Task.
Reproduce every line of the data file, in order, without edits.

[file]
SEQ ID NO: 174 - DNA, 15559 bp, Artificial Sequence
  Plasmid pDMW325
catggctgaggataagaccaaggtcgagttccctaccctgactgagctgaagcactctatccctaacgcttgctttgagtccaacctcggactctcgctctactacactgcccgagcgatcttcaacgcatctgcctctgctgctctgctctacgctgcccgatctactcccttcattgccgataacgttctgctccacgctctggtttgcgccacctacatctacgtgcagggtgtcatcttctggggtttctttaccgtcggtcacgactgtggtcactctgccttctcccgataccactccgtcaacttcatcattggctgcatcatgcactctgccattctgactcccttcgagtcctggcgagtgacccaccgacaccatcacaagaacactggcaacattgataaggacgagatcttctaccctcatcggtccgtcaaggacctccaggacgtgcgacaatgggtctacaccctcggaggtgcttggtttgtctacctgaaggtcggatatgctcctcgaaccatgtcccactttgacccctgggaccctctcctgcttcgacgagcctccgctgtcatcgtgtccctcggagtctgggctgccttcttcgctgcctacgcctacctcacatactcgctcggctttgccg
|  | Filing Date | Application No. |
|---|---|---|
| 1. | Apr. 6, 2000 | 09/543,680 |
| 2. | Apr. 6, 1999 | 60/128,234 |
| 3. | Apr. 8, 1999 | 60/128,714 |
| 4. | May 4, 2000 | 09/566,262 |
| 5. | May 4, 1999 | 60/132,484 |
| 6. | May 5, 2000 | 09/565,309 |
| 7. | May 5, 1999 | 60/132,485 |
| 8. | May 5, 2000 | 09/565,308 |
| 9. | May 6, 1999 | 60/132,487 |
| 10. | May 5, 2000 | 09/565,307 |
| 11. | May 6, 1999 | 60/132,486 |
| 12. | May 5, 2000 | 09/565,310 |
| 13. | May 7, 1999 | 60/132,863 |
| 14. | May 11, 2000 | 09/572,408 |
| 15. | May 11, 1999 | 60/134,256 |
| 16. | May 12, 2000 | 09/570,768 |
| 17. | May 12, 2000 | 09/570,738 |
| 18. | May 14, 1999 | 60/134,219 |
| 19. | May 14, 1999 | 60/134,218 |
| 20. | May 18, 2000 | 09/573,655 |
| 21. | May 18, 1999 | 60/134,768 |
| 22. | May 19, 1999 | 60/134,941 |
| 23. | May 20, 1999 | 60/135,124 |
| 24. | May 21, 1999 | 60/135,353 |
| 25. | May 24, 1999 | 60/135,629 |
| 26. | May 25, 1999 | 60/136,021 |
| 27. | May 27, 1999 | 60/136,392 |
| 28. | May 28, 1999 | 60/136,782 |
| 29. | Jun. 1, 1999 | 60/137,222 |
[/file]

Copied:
SEQ ID NO: 174 - DNA, 15559 bp, Artificial Sequence
  Plasmid pDMW325
catggctgaggataagaccaaggtcgagttccctaccctgactgagctgaagcactctatccctaacgcttgctttgagtccaacctcggactctcgctctactacactgcccgagcgatcttcaacgcatctgcctctgctgctctgctctacgctgcccgatctactcccttcattgccgataacgttctgctccacgctctggtttgcgccacctacatctacgtgcagggtgtcatcttctggggtttctttaccgtcggtcacgactgtggtcactctgccttctcccgataccactccgtcaacttcatcattggctgcatcatgcactctgccattctgactcccttcgagtcctggcgagtgacccaccgacaccatcacaagaacactggcaacattgataaggacgagatcttctaccctcatcggtccgtcaaggacctccaggacgtgcgacaatgggtctacaccctcggaggtgcttggtttgtctacctgaaggtcggatatgctcctcgaaccatgtcccactttgacccctgggaccctctcctgcttcgacgagcctccgctgtcatcgtgtccctcggagtctgggctgccttcttcgctgcctacgcctacctcacatactcgctcggctttgccg
|  | Filing Date | Application No. |
|---|---|---|
| 1. | Apr. 6, 2000 | 09/543,680 |
| 2. | Apr. 6, 1999 | 60/128,234 |
| 3. | Apr. 8, 1999 | 60/128,714 |
| 4. | May 4, 2000 | 09/566,262 |
| 5. | May 4, 1999 | 60/132,484 |
| 6. | May 5, 2000 | 09/565,309 |
| 7. | May 5, 1999 | 60/132,485 |
| 8. | May 5, 2000 | 09/565,308 |
| 9. | May 6, 1999 | 60/132,487 |
| 10. | May 5, 2000 | 09/565,307 |
| 11. | May 6, 1999 | 60/132,486 |
| 12. | May 5, 2000 | 09/565,310 |
| 13. | May 7, 1999 | 60/132,863 |
| 14. | May 11, 2000 | 09/572,408 |
| 15. | May 11, 1999 | 60/134,256 |
| 16. | May 12, 2000 | 09/570,768 |
| 17. | May 12, 2000 | 09/570,738 |
| 18. | May 14, 1999 | 60/134,219 |
| 19. | May 14, 1999 | 60/134,218 |
| 20. | May 18, 2000 | 09/573,655 |
| 21. | May 18, 1999 | 60/134,768 |
| 22. | May 19, 1999 | 60/134,941 |
| 23. | May 20, 1999 | 60/135,124 |
| 24. | May 21, 1999 | 60/135,353 |
| 25. | May 24, 1999 | 60/135,629 |
| 26. | May 25, 1999 | 60/136,021 |
| 27. | May 27, 1999 | 60/136,392 |
| 28. | May 28, 1999 | 60/136,782 |
| 29. | Jun. 1, 1999 | 60/137,222 |